Adjusting for Retirement – Part 1 of 3
Ed’s Edge – Season 1, Episode 6
Retirement. Whether we are near or far from it, we have been trained since we were young to keep this goal at the forefront of our minds. Though you always hear retirement being referenced as a universal goal, it can look vastly different for everyone. With our 40 years of combined experience working closely with retirees, we have observed the many implications retirement has on people’s lives each step of the way…that’s why we’ve split it into three different areas and three separate podcasts: adjusting for retirement, adjusting at retirement, and adjusting in retirement.
It’s not all about preparing financially, it’s about adapting mentally and giving yourself the proper time and planning to make a healthy adjustment. In this series, we share some valuable insight we’ve learned and provide guidance to help you navigate through each phase. If you or anyone you know is approaching that retirement phase, this is a must listen.
Ed’s Food for Thought
Ed’s Ice Cream Shakes
First, we need to lay some ground rules. RULE #1, #2, AND #3…DO NOT PUT TOO MUCH MILK IN YOUR SHAKE!!! THIS IS THE KEY & THE MOST IMPORTANT TAKEAWAY FROM MY METHOD.
The biggest mistake with most milkshakes is the emphasis on the ‘milk’ part. Most are too thin. Once you go too thin there is no going back unless you add a bunch more ice cream and then you have a monster shake.
- Ice Cream (of course)
- Any ice cream will do but premium will make a higher quality shake – My two go to brands are Edy’s and Breyer’s.
- Any flavor – I have been most frequently asked to make a vanilla ice cream shake with chocolate syrup, it is an all-time favorite of many who have had my shakes. My personal favorites are chocolate, Reese’s peanut butter cup, Snickers (Breyer’s brand), and cherry vanilla.
- Make sure your ice cream is not too soft from the freezer. It is hard to make a thick shake with soft ice cream.
- Use whatever you prefer and have in your fridge. (Feel free to use dairy-free ice cream & milk for those who are lactose intolerant or sensitive to dairy, unfortunately, I cannot speak to the quality comparison.)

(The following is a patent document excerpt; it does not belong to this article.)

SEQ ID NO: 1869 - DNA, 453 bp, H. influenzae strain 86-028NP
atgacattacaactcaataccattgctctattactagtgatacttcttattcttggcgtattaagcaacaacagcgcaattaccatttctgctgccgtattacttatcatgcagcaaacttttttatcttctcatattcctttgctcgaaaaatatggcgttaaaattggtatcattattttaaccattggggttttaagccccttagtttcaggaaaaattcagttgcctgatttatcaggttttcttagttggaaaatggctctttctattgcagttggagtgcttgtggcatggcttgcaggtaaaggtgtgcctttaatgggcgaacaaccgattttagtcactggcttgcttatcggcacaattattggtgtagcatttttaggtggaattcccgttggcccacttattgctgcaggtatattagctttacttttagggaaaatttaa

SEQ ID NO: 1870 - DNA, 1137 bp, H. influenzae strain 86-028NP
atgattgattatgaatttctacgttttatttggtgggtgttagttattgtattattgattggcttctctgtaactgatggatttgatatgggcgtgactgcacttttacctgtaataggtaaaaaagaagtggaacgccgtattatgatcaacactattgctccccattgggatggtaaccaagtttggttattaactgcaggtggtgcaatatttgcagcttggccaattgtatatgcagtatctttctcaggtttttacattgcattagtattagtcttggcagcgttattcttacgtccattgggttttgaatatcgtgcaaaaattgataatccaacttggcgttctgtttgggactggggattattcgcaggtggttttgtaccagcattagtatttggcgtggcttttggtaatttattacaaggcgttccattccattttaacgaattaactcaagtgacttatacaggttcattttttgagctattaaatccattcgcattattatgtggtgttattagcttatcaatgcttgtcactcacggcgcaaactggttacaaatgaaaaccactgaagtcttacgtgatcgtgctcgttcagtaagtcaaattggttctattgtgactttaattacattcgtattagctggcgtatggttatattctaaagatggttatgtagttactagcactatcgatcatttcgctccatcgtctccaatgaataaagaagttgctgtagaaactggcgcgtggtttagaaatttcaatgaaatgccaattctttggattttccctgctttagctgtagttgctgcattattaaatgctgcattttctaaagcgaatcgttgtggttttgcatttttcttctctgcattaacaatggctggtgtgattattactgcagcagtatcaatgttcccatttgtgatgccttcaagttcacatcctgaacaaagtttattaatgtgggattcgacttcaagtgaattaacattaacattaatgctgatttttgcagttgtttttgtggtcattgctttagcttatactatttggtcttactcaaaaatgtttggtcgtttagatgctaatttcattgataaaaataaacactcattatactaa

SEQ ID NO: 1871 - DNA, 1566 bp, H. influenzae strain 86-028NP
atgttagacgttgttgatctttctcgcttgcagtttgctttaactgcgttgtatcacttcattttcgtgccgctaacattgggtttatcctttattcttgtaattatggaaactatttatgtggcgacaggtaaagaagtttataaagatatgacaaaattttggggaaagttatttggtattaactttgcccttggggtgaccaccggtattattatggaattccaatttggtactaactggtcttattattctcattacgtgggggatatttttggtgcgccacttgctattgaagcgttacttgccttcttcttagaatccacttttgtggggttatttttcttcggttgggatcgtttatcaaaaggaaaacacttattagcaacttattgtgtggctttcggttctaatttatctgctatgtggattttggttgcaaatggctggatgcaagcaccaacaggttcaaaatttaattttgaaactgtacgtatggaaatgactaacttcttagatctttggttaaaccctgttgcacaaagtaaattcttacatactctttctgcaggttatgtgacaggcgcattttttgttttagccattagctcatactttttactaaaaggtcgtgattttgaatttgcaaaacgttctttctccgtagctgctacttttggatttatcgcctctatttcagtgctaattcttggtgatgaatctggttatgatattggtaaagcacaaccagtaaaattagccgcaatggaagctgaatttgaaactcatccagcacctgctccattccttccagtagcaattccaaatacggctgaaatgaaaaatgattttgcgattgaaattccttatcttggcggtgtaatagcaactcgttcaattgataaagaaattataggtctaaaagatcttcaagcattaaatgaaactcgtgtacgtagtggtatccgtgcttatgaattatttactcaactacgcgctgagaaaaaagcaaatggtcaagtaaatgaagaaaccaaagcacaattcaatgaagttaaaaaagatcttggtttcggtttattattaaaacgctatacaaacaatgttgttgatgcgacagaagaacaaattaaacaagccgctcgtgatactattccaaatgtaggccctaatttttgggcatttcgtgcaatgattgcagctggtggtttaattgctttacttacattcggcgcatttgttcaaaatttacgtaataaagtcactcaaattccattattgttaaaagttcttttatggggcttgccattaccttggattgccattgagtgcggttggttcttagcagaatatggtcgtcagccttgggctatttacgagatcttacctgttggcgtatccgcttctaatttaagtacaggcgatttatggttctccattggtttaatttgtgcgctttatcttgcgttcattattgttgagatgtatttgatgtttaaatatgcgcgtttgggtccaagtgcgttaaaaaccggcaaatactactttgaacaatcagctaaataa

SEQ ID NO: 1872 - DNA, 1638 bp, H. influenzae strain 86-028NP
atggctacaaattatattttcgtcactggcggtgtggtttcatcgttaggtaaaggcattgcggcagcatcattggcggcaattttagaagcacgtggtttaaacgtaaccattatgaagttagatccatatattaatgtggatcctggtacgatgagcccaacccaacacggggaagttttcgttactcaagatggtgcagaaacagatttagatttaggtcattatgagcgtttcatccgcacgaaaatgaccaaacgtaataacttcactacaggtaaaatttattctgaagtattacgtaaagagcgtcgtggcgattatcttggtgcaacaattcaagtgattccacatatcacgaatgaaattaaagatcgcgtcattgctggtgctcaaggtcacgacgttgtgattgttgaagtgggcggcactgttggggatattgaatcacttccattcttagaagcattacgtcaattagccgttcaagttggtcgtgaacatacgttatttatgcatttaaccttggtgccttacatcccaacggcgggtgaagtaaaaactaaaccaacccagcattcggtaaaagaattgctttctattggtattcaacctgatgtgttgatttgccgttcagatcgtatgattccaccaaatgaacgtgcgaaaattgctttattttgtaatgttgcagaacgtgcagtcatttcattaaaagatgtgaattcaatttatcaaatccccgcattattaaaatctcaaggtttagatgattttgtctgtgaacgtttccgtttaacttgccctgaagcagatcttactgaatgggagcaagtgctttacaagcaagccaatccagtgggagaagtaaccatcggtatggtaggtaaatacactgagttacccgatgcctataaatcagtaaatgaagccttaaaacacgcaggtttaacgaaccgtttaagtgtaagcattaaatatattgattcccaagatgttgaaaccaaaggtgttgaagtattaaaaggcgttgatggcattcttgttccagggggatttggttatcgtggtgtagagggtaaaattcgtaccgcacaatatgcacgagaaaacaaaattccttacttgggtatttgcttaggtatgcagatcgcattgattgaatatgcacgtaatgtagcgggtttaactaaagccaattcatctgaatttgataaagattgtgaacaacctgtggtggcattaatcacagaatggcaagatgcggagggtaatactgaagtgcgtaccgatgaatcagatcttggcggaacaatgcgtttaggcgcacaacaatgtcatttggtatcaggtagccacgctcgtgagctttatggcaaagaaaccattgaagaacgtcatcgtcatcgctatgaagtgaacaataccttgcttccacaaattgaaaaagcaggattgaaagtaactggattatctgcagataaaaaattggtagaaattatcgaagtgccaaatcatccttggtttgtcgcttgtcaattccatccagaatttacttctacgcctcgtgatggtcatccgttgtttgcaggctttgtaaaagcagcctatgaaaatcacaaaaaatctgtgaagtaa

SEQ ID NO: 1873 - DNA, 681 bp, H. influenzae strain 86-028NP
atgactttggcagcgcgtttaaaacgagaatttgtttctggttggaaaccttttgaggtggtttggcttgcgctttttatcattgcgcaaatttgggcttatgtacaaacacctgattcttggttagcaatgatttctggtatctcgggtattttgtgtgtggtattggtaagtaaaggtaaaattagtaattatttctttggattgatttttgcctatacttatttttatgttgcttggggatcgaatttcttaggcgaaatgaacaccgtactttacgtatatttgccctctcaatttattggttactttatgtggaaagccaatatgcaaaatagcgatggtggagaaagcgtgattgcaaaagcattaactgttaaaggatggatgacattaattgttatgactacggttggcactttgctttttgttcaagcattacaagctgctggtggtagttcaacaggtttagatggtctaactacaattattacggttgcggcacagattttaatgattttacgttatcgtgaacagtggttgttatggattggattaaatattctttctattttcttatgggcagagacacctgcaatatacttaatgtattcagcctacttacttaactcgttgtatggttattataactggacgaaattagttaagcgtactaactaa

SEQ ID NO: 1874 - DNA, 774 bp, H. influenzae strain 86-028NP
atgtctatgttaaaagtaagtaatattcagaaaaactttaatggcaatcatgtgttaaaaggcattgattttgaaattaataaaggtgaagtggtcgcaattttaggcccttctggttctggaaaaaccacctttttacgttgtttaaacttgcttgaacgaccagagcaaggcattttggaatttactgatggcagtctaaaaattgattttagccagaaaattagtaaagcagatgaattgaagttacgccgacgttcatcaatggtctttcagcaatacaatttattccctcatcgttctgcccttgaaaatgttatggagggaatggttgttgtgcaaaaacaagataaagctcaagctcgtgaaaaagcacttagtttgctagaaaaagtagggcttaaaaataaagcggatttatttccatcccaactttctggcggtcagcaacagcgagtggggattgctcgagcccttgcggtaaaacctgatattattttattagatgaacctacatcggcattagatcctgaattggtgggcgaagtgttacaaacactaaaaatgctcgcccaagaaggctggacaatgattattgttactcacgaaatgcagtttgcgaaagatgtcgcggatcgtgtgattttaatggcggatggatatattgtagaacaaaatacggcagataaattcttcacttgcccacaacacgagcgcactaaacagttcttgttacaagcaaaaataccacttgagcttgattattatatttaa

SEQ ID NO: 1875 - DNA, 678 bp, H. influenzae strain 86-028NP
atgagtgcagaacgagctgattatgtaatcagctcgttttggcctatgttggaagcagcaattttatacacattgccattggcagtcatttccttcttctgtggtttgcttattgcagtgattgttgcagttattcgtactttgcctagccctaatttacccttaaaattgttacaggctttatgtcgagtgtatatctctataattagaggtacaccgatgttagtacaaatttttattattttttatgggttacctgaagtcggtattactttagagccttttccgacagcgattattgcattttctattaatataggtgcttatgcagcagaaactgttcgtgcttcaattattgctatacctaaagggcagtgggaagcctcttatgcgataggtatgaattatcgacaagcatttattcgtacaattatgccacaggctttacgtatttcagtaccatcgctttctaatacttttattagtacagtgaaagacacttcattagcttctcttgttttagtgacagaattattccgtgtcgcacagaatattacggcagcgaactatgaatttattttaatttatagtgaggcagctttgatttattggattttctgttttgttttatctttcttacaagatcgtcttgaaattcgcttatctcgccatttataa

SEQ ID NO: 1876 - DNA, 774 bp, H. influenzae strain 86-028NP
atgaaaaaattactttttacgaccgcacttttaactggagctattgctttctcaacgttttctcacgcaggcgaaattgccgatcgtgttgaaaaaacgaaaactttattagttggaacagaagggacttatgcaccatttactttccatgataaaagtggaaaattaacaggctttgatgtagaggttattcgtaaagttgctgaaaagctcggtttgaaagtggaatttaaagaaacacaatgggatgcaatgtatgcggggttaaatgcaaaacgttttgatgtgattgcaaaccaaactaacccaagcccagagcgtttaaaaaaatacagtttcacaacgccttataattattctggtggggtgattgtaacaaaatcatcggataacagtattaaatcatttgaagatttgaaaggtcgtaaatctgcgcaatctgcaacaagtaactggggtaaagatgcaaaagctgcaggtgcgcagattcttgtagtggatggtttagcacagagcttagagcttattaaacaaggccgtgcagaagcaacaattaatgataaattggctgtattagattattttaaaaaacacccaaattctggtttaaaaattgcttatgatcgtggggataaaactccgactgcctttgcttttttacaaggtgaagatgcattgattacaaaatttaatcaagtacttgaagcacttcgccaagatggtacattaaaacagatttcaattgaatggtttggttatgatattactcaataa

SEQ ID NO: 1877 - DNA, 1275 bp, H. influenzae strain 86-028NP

- Spoon (large)
- Bigger metal spoon than a normal tablespoon.
- Spoon (small)
Optional Ingredients Utensils
- Chocolate Syrup
- Whatever your favorite kind is.
- I highly suggest you use a blender, but you could make a handshake… it is just a lot more work. I used to do this as a kid a lot but why work harder and not smarter.
- For those that like their shakes more melted.
- Scoop ice cream into the blender.
- Pour syrup if used. Be careful not to put too much in. Too much of any syrup will ruin a shake out of the gate.
- Pour in milk. See rules #1, #2, & #3 above. Start with a LITTLE bit of milk.
- Turn blender on. If you cannot get the blender to start blending properly just add a bit more milk until you can get it rotating a bit.
- Stir – Here is where the second key to making the shake comes into play.
- Once the blender stops blender properly and starts running too fast stop it. Usually there is a bit of an air pocket that happens with the initial blending. Stirring the ice cream just a little bit alleviates this.
- Turn blender on again. Repeat all of what I said in 5a.
- Tun blender on one more time if necessary. This should blend the ice cream together to start making it thick and smooth but enough for the blender to run.
- Pour into a glass. If you did this properly you should not be able to easily pour it into the glass. You should have to use the spoon to slowly pull the blended ice cream into the glass. This means it is the proper thickness.
- The lucky recipient should only be able to eat this type of shake initially with a spoon.
- If someone wants it thinner, then tell them to let it melt a bit before they start eating. Once it melts, they can stir it and eat it with a spoon or straw or by pouring into their pie hole’s.